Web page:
i.e., P(X ≤ 4) = P(X = 0) + P(X = 1) + P(X = 2) + P(X = 3) + P(X = 4).

**Note: **(i) If X is a binomial random variable, then X can take on the values 0, 1, 2, . . ., n.

(ii) If X is a geometric random variable, then it takes on the values 1, 2, 3, ...

(iii) There can be zero successes in a binomial, but the earliest a first success can come in a geometric setting is on the first trial.

**Normal approximation to the binomial distribution: ** Many practical applications of the binomial distribution involve examples in which 'n' [i.e., sample size] is large. However, for large 'n', the binomial probabilities can be tedious to calculate. Since the normal distribution can be viewed as a limiting case of the binomial distribution, it is natural to use the normal to approximate the binomial in appropriate situations.

Binomial distribution is a discrete probability distribution. Hence it takes values only at integers whereas the normal distribution is a continuous probability distribution, hence it is continuous with probabilities corresponding to areas over interval. Therefore, we establish a technique for converting from one distribution to other distribution. (An approximation: Each binomial probability corresponds to the normal probability over a unit interval centered at the desired value.)

A normal distribution is a good approximation to the binomial distribution whenever both 'np' [or mean of the binomial distribution] and n(1 – p) are greater than or equal to 10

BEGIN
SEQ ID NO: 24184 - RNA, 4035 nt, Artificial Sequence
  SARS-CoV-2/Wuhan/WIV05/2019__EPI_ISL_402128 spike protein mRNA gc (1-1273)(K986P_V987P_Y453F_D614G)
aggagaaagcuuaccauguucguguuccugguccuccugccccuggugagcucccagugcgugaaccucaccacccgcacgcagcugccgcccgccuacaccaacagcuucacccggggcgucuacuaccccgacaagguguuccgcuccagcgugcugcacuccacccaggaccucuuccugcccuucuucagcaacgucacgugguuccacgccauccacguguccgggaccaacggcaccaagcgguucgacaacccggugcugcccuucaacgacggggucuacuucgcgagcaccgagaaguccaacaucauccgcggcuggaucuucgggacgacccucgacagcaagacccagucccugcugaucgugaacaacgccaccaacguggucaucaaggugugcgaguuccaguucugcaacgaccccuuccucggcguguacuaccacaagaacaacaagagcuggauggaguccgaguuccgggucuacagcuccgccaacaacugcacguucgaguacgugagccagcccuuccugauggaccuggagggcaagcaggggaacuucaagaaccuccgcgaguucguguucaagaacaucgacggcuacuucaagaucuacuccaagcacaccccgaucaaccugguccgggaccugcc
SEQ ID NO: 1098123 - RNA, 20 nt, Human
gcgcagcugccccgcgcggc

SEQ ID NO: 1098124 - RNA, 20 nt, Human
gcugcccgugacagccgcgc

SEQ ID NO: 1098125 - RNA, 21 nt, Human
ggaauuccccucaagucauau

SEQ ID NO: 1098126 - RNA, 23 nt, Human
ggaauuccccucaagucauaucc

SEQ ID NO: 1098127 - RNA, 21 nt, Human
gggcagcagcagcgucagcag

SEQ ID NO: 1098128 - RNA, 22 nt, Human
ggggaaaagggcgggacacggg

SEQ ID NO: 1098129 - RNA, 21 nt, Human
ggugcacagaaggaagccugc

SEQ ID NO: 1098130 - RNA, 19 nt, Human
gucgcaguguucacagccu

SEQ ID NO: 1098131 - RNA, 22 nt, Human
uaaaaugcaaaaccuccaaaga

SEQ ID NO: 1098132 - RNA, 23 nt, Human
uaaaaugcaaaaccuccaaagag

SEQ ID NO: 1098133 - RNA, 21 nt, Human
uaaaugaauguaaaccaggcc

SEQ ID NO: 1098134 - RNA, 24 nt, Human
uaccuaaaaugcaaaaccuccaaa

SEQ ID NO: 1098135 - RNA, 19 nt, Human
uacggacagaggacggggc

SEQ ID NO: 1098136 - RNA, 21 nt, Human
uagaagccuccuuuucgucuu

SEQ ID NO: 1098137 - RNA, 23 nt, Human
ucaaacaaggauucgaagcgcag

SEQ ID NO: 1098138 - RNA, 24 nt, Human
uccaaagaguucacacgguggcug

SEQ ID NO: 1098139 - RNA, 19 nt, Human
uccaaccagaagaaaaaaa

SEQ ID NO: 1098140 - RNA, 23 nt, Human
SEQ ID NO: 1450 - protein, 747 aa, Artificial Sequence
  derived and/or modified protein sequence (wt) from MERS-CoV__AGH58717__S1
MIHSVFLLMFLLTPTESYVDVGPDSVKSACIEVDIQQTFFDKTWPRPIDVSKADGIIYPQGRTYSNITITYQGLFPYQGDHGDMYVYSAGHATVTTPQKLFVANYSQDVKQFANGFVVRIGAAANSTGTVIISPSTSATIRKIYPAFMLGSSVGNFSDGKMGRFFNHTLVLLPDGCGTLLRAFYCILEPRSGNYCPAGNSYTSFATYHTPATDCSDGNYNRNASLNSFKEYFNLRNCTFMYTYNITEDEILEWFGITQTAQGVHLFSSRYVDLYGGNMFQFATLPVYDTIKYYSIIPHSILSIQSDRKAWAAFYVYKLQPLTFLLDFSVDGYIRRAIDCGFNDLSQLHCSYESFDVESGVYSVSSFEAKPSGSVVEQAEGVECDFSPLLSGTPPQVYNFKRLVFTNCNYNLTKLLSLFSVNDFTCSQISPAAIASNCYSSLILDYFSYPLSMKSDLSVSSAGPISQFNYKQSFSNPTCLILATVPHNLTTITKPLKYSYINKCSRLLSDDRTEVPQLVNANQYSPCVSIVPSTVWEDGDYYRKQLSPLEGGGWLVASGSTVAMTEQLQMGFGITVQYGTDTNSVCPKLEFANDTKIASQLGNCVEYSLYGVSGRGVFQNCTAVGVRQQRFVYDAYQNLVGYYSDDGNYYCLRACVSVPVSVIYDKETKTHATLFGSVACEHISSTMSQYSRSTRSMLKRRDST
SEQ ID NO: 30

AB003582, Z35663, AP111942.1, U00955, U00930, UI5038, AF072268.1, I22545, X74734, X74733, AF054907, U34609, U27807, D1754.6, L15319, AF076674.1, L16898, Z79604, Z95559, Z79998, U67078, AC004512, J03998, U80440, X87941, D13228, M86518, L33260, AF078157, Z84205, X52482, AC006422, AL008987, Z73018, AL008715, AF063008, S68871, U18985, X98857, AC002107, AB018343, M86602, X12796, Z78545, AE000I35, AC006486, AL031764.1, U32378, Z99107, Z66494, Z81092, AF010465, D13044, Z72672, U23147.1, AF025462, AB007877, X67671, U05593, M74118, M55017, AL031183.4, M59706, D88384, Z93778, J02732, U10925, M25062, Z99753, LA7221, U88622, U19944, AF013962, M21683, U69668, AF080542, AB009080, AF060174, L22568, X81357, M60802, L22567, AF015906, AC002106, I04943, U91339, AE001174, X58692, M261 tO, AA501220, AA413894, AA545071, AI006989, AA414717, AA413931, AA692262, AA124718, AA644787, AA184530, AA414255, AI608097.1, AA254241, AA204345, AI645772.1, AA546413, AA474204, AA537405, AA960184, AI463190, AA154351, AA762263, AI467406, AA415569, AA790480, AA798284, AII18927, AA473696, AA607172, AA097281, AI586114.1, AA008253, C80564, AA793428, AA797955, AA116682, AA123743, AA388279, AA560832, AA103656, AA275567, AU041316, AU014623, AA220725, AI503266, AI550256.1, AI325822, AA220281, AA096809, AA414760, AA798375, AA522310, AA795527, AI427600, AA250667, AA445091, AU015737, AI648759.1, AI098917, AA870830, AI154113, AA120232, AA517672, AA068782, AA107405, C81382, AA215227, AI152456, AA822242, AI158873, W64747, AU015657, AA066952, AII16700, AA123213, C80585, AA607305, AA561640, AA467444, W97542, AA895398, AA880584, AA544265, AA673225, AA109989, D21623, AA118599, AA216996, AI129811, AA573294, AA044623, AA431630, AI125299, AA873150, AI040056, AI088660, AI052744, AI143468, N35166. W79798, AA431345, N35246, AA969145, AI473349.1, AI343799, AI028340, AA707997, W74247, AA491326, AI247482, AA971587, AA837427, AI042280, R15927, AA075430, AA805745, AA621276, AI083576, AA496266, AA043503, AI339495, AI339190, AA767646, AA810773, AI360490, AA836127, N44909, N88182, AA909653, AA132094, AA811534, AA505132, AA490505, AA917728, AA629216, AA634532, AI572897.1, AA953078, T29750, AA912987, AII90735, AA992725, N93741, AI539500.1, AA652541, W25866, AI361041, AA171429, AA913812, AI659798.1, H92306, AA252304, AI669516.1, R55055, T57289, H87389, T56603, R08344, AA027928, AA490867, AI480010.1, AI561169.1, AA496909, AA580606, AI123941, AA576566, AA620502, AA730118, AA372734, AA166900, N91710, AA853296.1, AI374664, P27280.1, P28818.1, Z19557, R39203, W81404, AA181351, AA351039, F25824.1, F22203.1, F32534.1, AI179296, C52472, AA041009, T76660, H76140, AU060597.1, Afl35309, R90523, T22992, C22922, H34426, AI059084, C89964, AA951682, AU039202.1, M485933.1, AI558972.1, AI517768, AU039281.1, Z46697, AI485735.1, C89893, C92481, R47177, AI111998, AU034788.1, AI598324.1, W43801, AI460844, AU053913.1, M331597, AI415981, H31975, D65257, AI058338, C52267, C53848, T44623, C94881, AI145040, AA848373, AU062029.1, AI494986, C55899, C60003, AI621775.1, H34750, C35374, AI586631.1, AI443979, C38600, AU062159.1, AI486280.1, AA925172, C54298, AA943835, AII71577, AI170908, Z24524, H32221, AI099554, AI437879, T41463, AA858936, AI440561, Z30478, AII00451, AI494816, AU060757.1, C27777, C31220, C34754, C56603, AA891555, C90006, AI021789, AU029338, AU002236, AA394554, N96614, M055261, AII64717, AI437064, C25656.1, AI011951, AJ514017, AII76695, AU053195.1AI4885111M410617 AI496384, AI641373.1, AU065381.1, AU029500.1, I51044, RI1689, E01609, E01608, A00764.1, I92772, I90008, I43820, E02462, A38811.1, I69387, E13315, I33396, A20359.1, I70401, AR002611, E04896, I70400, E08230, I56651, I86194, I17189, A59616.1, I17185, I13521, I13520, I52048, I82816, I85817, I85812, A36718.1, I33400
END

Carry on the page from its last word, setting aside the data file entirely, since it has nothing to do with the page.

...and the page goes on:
i.e., np ≥ 10 and n(1 – p) ≥ 10, where p = probability of success.

This theorem states that: When the size of the sample (n) is large, the sampling distribution of any statistic will be approximately normal. The larger is n, the more normal will be the shape of the sampling distribution.

A rough rule of thumb for using the central limit theorem is that sample size (n) should be at least 30 [i.e., n ≥ 30], although the sampling distribution may be approximately normal for much smaller values of sample size (n) if the population doesn't depart much from normal. The central limit theorem allows us to use normal calculations to do problems involving sampling distributions without having to have knowledge of the original population.

## Sampling distribution of a sample proportion

If a random variable 'X' is the count of successes in a sample of n trials of a binomial experiment, then the **proportion of success** () is given as the 'ratio of count of successes to the number of trials' i.e., = .

is what we use for the sample proportion (a statistic). The true population proportion would then be given by p.

We discussed earlier that, if 'X' is a binomial random variable, then the mean and standard deviation of sampling distribution of X are given by:

μ_{X} = np, σ_{X} = .

We know that if we divide each term in a data set by the same value n, then the mean and standard deviation of transformed data set will be the mean and standard deviation of the original data set divided by n.

Therefore, the mean of a proportion of success is given by: = p

and the standard deviation of a proportion of success is given by:

= .

**Normal approximation to the sampling distribution of : **Like binomial distribution, sampling distribution of will be approximately normally distributed if n, p are large enough. The test is exactly same as it was for the binomial: If X has B(n, p) and = then has approximately , provided that np ≥ 10 and n(1 – p) ≥ 10.